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Tragedy? Farce? Confusion? The Method Behind That Russian Poisoning Interview

Jakub Kalensky, who leads efforts to counter disinformation at the head of a European Union unit in Brussels that analyzes Russian disinformation, said the two men’s story was so hard to believe that Russia’s “message may simply be this: ‘We just don’t care how credible or incredible what we say sounds.’”

But the two men did manage to build a high — if not very believable — wall of denial. And they also “succeeded in turning the tragedy in Salisbury into a farce,” said Mr. Pomerantsev, the former Russian television producer.

Still, on Saturday, Russian claims that Mr. Petrov and Mr. Boshirov were innocent, fun-loving civilians took a blow when Novaya Gazeta, an opposition Russian newspaper, reported that the Moscow telephone number listed for Mr. Petrov in official records belonged to the Russian Defense Ministry.

And an investigation by Bellingcat, an online platform, found that there is no record of either Mr. Boshirov or Mr. Petrov in an official database of residential and passport information before 2009, when they were issued internal passports under the names they now use. It said this suggested that the two men had previously used other names and that their current names are “cover identities for operatives of one of the Russian security services.” Mr. Petrov’s official file, Bellingcat said, is marked “top secret.”

The overriding message from the RT interview, as with all of Russia’s responses to foreign accusations against the country, was that blameless Russians have again fallen victim to Western lies and prejudice. In a near-permanent state of high-dudgeon over Western accusations of misbehavior, Russia invariably responds to criticism by condemning the critic.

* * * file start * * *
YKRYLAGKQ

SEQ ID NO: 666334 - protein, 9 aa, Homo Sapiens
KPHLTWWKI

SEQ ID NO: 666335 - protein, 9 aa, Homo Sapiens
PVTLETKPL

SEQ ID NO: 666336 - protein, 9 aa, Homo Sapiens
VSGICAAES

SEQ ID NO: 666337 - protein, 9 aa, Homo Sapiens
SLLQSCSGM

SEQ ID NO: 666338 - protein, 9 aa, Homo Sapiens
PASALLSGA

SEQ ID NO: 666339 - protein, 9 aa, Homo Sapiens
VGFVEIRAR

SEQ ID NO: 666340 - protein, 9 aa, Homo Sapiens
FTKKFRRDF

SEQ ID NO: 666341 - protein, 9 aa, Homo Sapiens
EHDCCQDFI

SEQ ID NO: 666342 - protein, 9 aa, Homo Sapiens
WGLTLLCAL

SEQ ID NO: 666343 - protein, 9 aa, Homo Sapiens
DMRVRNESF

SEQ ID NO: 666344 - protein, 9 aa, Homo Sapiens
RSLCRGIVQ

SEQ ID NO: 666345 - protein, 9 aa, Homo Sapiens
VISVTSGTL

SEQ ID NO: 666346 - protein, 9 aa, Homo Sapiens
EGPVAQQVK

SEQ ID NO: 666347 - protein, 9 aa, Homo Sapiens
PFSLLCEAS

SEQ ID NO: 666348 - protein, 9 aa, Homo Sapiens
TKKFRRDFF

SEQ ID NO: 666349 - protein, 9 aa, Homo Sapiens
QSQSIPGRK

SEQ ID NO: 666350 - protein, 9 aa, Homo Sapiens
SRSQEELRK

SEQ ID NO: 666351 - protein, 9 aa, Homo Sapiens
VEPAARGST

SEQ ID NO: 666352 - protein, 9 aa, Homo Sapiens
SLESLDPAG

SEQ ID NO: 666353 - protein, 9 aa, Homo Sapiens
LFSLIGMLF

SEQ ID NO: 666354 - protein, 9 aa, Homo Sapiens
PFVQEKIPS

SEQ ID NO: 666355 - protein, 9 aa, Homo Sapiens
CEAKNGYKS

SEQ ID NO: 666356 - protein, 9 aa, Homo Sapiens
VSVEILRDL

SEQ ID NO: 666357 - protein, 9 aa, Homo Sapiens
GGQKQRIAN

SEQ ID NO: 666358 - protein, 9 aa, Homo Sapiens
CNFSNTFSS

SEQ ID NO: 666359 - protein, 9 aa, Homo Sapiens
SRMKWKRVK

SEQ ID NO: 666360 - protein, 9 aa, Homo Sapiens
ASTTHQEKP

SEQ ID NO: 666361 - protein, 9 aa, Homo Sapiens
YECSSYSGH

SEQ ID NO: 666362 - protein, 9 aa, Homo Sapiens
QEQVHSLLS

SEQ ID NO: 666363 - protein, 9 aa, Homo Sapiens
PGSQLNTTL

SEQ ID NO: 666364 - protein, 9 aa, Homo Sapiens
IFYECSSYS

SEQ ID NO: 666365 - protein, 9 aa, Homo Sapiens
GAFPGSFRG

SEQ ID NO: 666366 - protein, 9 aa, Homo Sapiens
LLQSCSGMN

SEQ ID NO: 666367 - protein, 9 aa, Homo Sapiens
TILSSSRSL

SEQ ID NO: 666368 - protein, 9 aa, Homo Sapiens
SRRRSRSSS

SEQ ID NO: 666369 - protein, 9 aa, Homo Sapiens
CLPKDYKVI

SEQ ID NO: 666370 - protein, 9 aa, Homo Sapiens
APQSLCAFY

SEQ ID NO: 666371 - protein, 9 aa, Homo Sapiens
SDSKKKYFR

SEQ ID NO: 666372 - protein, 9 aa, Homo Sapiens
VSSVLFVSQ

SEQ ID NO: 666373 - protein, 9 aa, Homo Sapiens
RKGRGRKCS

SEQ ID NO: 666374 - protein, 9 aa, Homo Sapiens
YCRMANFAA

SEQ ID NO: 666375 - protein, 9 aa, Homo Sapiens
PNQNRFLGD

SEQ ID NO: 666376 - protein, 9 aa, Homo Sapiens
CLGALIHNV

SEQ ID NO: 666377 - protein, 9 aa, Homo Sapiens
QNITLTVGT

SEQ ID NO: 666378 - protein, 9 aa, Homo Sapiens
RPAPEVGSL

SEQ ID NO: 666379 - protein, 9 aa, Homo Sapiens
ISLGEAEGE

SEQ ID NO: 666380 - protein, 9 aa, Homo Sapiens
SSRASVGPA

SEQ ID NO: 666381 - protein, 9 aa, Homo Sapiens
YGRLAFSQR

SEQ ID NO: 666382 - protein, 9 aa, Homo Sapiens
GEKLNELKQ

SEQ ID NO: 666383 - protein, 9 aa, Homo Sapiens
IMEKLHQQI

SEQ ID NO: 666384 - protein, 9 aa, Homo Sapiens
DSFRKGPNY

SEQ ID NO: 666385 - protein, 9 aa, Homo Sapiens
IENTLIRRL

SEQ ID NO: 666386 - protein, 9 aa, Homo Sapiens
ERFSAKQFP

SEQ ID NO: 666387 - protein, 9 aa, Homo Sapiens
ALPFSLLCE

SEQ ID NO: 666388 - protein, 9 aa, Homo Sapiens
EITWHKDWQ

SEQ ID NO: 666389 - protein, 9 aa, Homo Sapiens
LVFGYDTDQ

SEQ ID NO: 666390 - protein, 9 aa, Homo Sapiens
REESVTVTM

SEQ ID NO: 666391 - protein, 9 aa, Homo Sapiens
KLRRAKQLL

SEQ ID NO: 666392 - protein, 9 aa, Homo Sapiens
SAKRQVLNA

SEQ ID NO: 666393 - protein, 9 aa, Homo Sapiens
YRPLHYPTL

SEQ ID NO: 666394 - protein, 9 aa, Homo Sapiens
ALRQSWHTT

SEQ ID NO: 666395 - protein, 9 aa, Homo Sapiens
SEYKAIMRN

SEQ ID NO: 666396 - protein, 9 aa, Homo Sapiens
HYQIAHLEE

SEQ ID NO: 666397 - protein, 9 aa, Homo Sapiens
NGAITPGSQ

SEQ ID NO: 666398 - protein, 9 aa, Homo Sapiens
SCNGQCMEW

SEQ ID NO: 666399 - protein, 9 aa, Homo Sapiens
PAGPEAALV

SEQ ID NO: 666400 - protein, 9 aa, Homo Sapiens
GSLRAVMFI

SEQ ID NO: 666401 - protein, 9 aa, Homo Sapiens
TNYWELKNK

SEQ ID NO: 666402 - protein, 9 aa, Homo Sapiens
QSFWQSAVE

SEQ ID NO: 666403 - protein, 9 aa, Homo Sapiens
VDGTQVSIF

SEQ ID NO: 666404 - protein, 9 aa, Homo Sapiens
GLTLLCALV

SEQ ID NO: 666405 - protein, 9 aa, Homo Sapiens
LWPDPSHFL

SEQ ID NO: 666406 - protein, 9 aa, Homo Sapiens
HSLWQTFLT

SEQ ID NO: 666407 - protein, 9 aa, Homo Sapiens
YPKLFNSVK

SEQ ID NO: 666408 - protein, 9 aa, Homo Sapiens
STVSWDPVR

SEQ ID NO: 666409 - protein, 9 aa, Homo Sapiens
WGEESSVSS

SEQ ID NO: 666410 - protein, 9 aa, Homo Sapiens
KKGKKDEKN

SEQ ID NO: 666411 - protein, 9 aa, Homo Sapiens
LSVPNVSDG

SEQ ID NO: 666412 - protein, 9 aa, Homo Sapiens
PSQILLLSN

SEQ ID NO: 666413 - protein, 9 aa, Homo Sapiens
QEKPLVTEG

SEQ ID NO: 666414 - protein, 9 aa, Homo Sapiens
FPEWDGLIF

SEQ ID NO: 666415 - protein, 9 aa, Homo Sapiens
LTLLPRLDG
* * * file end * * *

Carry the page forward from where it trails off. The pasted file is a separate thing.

Just this week, the Foreign Ministry summoned the Swiss and Dutch ambassadors to Moscow to complain that their countries were damaging relations after reports the Netherlands expelled two Russian spies accused of plotting cyber-sabotage of a Swiss defense laboratory analyzing the nerve agent used in Salisbury.

In their interview, Mr. Petrov and Mr. Boshirov adopted the same plaintive tone used by Mr. Putin and his officials in response to past accusations. Among them: that Russian missiles shot down an airliner in July 2014 over eastern Ukraine; that Russian troops supported a bloody separatist rebellion there; and that Russian hackers meddled in the 2016 presidential election in the United States.

“We just want to be left in peace,” Mr. Boshirov said, demanding that Britain apologize for all the grief it has caused him and Mr. Petrov.

Source: NYT > World

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